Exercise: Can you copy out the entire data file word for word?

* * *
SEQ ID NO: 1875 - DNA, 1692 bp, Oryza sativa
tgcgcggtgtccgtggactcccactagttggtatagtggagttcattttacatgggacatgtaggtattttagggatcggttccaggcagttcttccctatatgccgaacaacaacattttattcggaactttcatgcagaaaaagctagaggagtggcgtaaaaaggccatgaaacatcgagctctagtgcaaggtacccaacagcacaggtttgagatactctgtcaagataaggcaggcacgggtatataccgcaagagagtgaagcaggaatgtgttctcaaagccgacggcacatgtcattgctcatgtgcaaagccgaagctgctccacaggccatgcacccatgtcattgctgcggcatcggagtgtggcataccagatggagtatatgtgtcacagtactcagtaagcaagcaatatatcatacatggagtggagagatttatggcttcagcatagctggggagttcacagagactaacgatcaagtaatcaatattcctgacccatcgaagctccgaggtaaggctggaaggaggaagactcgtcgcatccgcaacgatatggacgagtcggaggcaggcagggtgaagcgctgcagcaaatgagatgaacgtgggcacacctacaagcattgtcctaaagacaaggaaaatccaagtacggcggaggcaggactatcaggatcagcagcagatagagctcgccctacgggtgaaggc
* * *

SEQ ID NO: 1875 - DNA, 1692 bp, Oryza sativa
tgcgcggtgtccgtggactcccactagttggtatagtggagttcattttacatgggacatgtaggtattttagggatcggttccaggcagttcttccctatatgccgaacaacaacattttattcggaactttcatgcagaaaaagctagaggagtggcgtaaaaaggccatgaaacatcgagctctagtgcaaggtacccaacagcacaggtttgagatactctgtcaagataaggcaggcacgggtatataccgcaagagagtgaagcaggaatgtgttctcaaagccgacggcacatgtcattgctcatgtgcaaagccgaagctgctccacaggccatgcacccatgtcattgctgcggcatcggagtgtggcataccagatggagtatatgtgtcacagtactcagtaagcaagcaatatatcatacatggagtggagagatttatggcttcagcatagctggggagttcacagagactaacgatcaagtaatcaatattcctgacccatcgaagctccgaggtaaggctggaaggaggaagactcgtcgcatccgcaacgatatggacgagtcggaggcaggcagggtgaagcgctgcagcaaatgagatgaacgtgggcacacctacaagcattgtcctaaagacaaggaaaatccaagtacggcggaggcaggactatcaggatcagcagcagatagagctcgccctacgggtgaaggc